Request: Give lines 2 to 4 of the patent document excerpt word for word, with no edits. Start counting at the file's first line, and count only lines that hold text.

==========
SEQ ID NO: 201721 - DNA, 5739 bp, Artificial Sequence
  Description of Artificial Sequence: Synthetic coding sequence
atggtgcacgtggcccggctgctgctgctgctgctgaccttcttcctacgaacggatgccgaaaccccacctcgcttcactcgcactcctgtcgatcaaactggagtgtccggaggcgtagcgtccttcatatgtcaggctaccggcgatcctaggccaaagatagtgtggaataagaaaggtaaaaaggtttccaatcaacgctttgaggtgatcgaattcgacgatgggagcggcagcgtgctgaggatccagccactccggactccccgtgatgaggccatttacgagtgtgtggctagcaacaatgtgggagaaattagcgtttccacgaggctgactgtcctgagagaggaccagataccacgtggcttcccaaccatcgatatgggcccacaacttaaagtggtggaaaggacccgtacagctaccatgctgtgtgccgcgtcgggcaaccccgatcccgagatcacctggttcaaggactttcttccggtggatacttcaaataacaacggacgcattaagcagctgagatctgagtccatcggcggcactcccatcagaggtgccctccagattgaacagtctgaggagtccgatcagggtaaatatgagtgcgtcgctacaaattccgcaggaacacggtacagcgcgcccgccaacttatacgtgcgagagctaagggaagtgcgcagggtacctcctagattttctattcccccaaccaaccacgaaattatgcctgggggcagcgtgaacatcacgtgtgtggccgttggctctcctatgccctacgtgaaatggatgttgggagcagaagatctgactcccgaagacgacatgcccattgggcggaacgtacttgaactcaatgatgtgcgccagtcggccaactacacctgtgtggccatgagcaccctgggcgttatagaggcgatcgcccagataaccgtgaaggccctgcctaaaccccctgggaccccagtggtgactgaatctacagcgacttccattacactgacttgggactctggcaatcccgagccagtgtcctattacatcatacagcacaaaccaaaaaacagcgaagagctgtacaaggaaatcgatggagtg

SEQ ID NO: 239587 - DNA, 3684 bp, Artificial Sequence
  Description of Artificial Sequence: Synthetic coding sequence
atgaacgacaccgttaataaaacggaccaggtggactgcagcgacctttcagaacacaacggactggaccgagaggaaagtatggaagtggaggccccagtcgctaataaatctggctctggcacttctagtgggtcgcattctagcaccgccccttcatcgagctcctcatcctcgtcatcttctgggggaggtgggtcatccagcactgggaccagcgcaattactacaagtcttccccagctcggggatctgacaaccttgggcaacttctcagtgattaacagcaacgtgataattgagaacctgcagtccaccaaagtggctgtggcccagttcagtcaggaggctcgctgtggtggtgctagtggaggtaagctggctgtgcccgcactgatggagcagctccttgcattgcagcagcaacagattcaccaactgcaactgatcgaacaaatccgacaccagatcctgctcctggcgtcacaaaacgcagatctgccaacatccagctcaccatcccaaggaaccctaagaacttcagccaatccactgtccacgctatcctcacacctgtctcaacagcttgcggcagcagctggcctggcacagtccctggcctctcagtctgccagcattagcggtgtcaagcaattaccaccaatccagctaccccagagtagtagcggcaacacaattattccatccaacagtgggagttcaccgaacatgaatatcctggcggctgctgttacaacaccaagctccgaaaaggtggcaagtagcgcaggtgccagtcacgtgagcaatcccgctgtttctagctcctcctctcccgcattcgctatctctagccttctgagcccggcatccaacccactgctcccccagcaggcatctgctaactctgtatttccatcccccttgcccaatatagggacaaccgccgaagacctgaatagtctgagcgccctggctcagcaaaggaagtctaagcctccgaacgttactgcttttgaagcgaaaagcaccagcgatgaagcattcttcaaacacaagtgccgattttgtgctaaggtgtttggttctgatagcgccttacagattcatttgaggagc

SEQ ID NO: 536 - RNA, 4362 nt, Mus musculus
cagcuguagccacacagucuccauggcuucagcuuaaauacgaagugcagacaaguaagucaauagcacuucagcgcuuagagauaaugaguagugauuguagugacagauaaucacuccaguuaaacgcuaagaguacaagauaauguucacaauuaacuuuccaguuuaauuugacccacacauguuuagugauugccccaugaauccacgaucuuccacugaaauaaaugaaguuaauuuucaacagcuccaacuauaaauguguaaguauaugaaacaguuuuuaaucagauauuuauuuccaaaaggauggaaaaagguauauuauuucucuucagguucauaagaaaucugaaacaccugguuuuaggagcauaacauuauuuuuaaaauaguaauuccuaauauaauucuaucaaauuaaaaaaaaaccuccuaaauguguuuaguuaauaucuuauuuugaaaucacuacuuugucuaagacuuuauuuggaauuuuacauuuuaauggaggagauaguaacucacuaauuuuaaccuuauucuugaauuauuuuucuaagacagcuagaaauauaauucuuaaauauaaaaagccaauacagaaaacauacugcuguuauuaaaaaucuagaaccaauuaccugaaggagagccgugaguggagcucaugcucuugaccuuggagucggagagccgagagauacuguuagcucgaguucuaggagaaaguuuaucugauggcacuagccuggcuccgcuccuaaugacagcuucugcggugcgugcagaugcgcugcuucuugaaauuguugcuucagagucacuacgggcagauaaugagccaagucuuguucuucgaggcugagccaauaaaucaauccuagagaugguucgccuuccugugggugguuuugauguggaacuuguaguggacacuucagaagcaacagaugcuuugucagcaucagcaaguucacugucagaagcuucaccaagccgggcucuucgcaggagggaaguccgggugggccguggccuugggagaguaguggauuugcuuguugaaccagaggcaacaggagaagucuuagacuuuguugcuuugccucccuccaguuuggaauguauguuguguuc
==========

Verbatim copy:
  Description of Artificial Sequence: Synthetic coding sequence
atggtgcacgtggcccggctgctgctgctgctgctgaccttcttcctacgaacggatgccgaaaccccacctcgcttcactcgcactcctgtcgatcaaactggagtgtccggaggcgtagcgtccttcatatgtcaggctaccggcgatcctaggccaaagatagtgtggaataagaaaggtaaaaaggtttccaatcaacgctttgaggtgatcgaattcgacgatgggagcggcagcgtgctgaggatccagccactccggactccccgtgatgaggccatttacgagtgtgtggctagcaacaatgtgggagaaattagcgtttccacgaggctgactgtcctgagagaggaccagataccacgtggcttcccaaccatcgatatgggcccacaacttaaagtggtggaaaggacccgtacagctaccatgctgtgtgccgcgtcgggcaaccccgatcccgagatcacctggttcaaggactttcttccggtggatacttcaaataacaacggacgcattaagcagctgagatctgagtccatcggcggcactcccatcagaggtgccctccagattgaacagtctgaggagtccgatcagggtaaatatgagtgcgtcgctacaaattccgcaggaacacggtacagcgcgcccgccaacttatacgtgcgagagctaagggaagtgcgcagggtacctcctagattttctattcccccaaccaaccacgaaattatgcctgggggcagcgtgaacatcacgtgtgtggccgttggctctcctatgccctacgtgaaatggatgttgggagcagaagatctgactcccgaagacgacatgcccattgggcggaacgtacttgaactcaatgatgtgcgccagtcggccaactacacctgtgtggccatgagcaccctgggcgttatagaggcgatcgcccagataaccgtgaaggccctgcctaaaccccctgggaccccagtggtgactgaatctacagcgacttccattacactgacttgggactctggcaatcccgagccagtgtcctattacatcatacagcacaaaccaaaaaacagcgaagagctgtacaaggaaatcgatggagtg

SEQ ID NO: 239587 - DNA, 3684 bp, Artificial Sequence